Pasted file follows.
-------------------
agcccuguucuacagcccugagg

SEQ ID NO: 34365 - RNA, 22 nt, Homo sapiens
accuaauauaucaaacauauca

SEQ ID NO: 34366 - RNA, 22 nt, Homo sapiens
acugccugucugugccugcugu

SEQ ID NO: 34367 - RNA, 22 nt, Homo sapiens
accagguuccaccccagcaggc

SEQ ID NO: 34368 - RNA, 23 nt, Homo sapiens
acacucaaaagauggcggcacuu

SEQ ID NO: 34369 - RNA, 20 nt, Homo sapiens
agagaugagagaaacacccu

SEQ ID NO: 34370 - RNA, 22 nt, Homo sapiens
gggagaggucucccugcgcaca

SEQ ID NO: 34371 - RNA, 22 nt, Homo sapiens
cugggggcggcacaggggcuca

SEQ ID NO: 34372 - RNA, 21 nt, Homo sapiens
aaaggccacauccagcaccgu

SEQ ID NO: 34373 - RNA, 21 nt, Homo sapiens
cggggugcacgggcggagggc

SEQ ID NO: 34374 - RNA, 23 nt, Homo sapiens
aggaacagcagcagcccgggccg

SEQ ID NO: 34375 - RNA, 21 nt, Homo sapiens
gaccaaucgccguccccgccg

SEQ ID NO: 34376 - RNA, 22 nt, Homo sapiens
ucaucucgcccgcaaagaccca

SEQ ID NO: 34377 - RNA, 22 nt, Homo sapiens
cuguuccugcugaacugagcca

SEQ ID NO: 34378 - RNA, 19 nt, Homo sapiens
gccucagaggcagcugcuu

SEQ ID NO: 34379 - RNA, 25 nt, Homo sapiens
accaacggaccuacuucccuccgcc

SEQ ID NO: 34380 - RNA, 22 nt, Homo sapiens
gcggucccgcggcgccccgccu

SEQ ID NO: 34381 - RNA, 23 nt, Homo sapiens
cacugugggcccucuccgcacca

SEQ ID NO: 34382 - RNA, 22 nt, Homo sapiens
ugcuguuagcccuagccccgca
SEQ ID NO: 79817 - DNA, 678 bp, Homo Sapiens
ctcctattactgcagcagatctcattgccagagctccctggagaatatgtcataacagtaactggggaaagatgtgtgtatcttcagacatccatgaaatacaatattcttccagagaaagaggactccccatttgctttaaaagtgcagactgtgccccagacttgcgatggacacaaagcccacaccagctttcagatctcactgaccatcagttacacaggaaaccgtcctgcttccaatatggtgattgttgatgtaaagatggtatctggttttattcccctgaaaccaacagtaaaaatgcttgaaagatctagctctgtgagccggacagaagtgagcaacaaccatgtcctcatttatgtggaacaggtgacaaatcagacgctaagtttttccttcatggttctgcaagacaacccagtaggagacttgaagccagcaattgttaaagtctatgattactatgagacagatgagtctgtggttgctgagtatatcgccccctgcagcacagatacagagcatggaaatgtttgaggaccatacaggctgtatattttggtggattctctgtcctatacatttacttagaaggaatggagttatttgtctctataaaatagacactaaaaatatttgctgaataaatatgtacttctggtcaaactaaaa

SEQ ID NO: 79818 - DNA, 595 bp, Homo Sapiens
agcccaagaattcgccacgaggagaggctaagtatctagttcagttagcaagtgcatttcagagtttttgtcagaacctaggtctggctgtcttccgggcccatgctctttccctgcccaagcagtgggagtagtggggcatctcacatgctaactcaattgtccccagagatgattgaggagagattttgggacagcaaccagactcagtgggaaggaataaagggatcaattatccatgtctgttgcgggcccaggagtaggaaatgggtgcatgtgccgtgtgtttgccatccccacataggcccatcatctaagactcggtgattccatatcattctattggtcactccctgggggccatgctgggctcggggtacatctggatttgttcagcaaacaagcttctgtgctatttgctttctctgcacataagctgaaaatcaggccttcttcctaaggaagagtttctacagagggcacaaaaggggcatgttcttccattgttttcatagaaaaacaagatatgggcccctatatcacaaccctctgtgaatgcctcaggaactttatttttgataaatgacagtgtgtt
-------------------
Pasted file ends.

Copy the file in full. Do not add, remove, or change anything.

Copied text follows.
agcccuguucuacagcccugagg

SEQ ID NO: 34365 - RNA, 22 nt, Homo sapiens
accuaauauaucaaacauauca

SEQ ID NO: 34366 - RNA, 22 nt, Homo sapiens
acugccugucugugccugcugu

SEQ ID NO: 34367 - RNA, 22 nt, Homo sapiens
accagguuccaccccagcaggc

SEQ ID NO: 34368 - RNA, 23 nt, Homo sapiens
acacucaaaagauggcggcacuu

SEQ ID NO: 34369 - RNA, 20 nt, Homo sapiens
agagaugagagaaacacccu

SEQ ID NO: 34370 - RNA, 22 nt, Homo sapiens
gggagaggucucccugcgcaca

SEQ ID NO: 34371 - RNA, 22 nt, Homo sapiens
cugggggcggcacaggggcuca

SEQ ID NO: 34372 - RNA, 21 nt, Homo sapiens
aaaggccacauccagcaccgu

SEQ ID NO: 34373 - RNA, 21 nt, Homo sapiens
cggggugcacgggcggagggc

SEQ ID NO: 34374 - RNA, 23 nt, Homo sapiens
aggaacagcagcagcccgggccg

SEQ ID NO: 34375 - RNA, 21 nt, Homo sapiens
gaccaaucgccguccccgccg

SEQ ID NO: 34376 - RNA, 22 nt, Homo sapiens
ucaucucgcccgcaaagaccca

SEQ ID NO: 34377 - RNA, 22 nt, Homo sapiens
cuguuccugcugaacugagcca

SEQ ID NO: 34378 - RNA, 19 nt, Homo sapiens
gccucagaggcagcugcuu

SEQ ID NO: 34379 - RNA, 25 nt, Homo sapiens
accaacggaccuacuucccuccgcc

SEQ ID NO: 34380 - RNA, 22 nt, Homo sapiens
gcggucccgcggcgccccgccu

SEQ ID NO: 34381 - RNA, 23 nt, Homo sapiens
cacugugggcccucuccgcacca

SEQ ID NO: 34382 - RNA, 22 nt, Homo sapiens
ugcuguuagcccuagccccgca
SEQ ID NO: 79817 - DNA, 678 bp, Homo Sapiens
ctcctattactgcagcagatctcattgccagagctccctggagaatatgtcataacagtaactggggaaagatgtgtgtatcttcagacatccatgaaatacaatattcttccagagaaagaggactccccatttgctttaaaagtgcagactgtgccccagacttgcgatggacacaaagcccacaccagctttcagatctcactgaccatcagttacacaggaaaccgtcctgcttccaatatggtgattgttgatgtaaagatggtatctggttttattcccctgaaaccaacagtaaaaatgcttgaaagatctagctctgtgagccggacagaagtgagcaacaaccatgtcctcatttatgtggaacaggtgacaaatcagacgctaagtttttccttcatggttctgcaagacaacccagtaggagacttgaagccagcaattgttaaagtctatgattactatgagacagatgagtctgtggttgctgagtatatcgccccctgcagcacagatacagagcatggaaatgtttgaggaccatacaggctgtatattttggtggattctctgtcctatacatttacttagaaggaatggagttatttgtctctataaaatagacactaaaaatatttgctgaataaatatgtacttctggtcaaactaaaa

SEQ ID NO: 79818 - DNA, 595 bp, Homo Sapiens
agcccaagaattcgccacgaggagaggctaagtatctagttcagttagcaagtgcatttcagagtttttgtcagaacctaggtctggctgtcttccgggcccatgctctttccctgcccaagcagtgggagtagtggggcatctcacatgctaactcaattgtccccagagatgattgaggagagattttgggacagcaaccagactcagtgggaaggaataaagggatcaattatccatgtctgttgcgggcccaggagtaggaaatgggtgcatgtgccgtgtgtttgccatccccacataggcccatcatctaagactcggtgattccatatcattctattggtcactccctgggggccatgctgggctcggggtacatctggatttgttcagcaaacaagcttctgtgctatttgctttctctgcacataagctgaaaatcaggccttcttcctaaggaagagtttctacagagggcacaaaaggggcatgttcttccattgttttcatagaaaaacaagatatgggcccctatatcacaaccctctgtgaatgcctcaggaactttatttttgataaatgacagtgtgtt